In other words, human beings are distinguished absolutely from the beasts not only by virtue of their unique possession of ratio and oratio, but also by the degree to which they exercise the 'spirit' (animus) which is shared by all animals (animantes). The word animus has many meanings in Latin: 'The minde: the : WILL: the soule: delectation, or affection, *winde or blast*, wrath' (Cooper, Thes.).Perhaps the modern psychological term 'drive' covers these nuances.
Here, in the last section of the passage, Cicero associates animus with a drive to rise above others and do more than these are capable or desirous of accomplishing. On the one hand, the emergence of humanity from mere animality can be seen as a biological advance. (Cicero is never very clear on this point, but elsewhere, as we shall see, he favours an evolutionary model of human history.) Human beings are distinguished from other animals because they are concerned more with their species than with themselves as individuals or as members of a small family unit. The next step, however, is taken only by certain individuals, not by the species at large. This is when a man (it is always a man) distinguishes himself from his fellows by extending his 'care' (cura) beyond the confines of the family and outwards towards the whole community. This may indeed make him appear 'superhuman' or 'heroic'. the ancient heros was a hybrid: half man, half god. In mythological terms, the heros was usually a man who had both mortal and immortal parents, but it is also frequently used to rever to a man who is seen as the defender of his people. Here the connection seems to have been that the heroic man was one who, whilst evidently human, also was driven or motivated by an animus which prompted him to do more than most human beings could or would. It made ordinary men maior ad rem gerendam: 'greater in terms of what men are meant to do'. This is what Cicero calls, very simply, a magnus animus: 'GREAT SPIRIT'.
Cicero's remarks gave rise to a cult of 'magnanimity' in the Renaissance (Greaves, 1954). But Cicero was all too well aware that the magnus animus could be destructive as well as protective of human society. On the one hand, the magnus animus aspires to a superhuman condition which is similar to divinity. Honestas, he remarks, seemes to shine brightest: which is wrought with a greate, and loftie corage [animus magnus], despising worldly vanities [humanae res]' (1.60, p.74). Here, 'human affairs' are relegated to the level of mediocrity: the wants and worries of the workaday world. The magnus animus, however, soars above these, since his overwhelming desire is to achieve gloria by heroic acts on behalf of the commonweal. However, as Cicero goes on to point out, it this 'corage' is directed towards personal ends, then the magnus animus is little better than a beast...(snip)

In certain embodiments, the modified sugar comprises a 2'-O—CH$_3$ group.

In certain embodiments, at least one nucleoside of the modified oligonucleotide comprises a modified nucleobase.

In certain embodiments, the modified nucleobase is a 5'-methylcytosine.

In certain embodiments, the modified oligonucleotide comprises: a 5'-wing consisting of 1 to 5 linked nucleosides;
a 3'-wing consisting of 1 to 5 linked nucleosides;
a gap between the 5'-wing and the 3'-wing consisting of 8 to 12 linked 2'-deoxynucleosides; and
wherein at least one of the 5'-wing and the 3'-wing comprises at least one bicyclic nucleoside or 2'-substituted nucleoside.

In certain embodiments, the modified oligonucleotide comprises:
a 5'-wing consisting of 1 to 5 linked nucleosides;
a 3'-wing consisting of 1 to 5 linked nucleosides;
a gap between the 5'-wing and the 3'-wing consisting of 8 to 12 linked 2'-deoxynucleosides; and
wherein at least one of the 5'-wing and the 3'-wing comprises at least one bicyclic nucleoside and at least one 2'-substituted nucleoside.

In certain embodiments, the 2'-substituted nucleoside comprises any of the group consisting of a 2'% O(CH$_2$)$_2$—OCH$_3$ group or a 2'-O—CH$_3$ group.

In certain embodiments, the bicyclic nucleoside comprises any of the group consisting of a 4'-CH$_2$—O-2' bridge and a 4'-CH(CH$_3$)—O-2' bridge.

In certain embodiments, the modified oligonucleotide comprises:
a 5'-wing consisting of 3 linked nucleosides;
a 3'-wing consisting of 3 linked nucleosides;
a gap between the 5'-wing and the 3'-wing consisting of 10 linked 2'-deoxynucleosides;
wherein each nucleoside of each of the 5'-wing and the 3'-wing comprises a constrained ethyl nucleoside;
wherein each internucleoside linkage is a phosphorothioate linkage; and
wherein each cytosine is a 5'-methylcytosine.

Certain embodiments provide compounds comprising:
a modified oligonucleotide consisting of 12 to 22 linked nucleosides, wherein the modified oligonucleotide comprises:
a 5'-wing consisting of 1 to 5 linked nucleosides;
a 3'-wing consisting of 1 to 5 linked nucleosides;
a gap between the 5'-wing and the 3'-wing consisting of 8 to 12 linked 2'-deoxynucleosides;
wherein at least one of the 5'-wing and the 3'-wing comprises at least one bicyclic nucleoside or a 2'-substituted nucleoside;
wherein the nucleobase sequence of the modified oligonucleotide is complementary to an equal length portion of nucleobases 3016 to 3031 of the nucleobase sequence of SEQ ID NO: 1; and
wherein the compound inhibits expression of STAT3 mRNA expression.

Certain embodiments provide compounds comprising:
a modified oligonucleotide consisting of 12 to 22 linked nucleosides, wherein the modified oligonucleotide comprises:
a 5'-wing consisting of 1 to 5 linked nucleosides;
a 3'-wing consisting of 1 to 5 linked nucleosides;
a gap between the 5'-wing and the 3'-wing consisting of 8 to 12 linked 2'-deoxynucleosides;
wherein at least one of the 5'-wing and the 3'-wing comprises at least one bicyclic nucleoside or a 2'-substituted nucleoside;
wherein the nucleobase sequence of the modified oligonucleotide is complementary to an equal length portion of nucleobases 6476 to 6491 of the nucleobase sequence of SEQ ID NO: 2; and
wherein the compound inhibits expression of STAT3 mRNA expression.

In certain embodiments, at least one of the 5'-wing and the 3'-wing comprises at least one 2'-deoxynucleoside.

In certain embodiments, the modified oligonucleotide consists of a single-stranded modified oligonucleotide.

...Cicero sees the magnus animus in itself as a sort of animal energy, then, which must be trained by knowledge. If it submits to reason, then the man who has this great spirit will become a semi-divine hero; but if it breaks the leash, it rurns into a wild beast, savaging the very people it was supposed to protect, reducing the world once more to a wilderness, in which knowledge, despised and rejected, wanders like a beggar, wretched and alone. (Elizabethan Humanism, Mike Pincombe, p. 17-18)
Perfectioni Hymnus. Marston

WHat should I call this creature,
Which now is growne vnto maturitie?
How should I blase this feature
As firme and constant as Eternitie?
Call it Perfection? Fie!
Tis perfecter the~ brightest names can light it:
Call it Heauens mirror? I.
Alas, best attributes can neuer right it.
Beauties resistlesse thunder?
All nomination is too straight of sence:
Deepe Contemplations wonder?
That appellation giue this excellence.
Within all best confin'd,
(Now feebler Genius end thy slighter riming)
No Suburbes  *all is MIND*
As farre from spot, as possible defining.
Iohn Marston.
From Bibliography, Complete Works of Samuel Rowlands

...On the 26th October, 1600, occurs the following order upon the records of the Stationers' Hall: - "Yt is orderd, that the next court-day two bookes lately printed, thone called The Letting of Humors Blood in the Head Vayne; thosther, A Mery Metinge, or 'tis Mery when Knaves mete; shal be publiquely burnt, for that they conteyne matters unfytt to be published; then to be burnd in the hall kytchen, with other popish bookes and thinges that were lately taken." From the severity of this sentence it would seem that the characters drawn by the author were understood to have reference to living persons.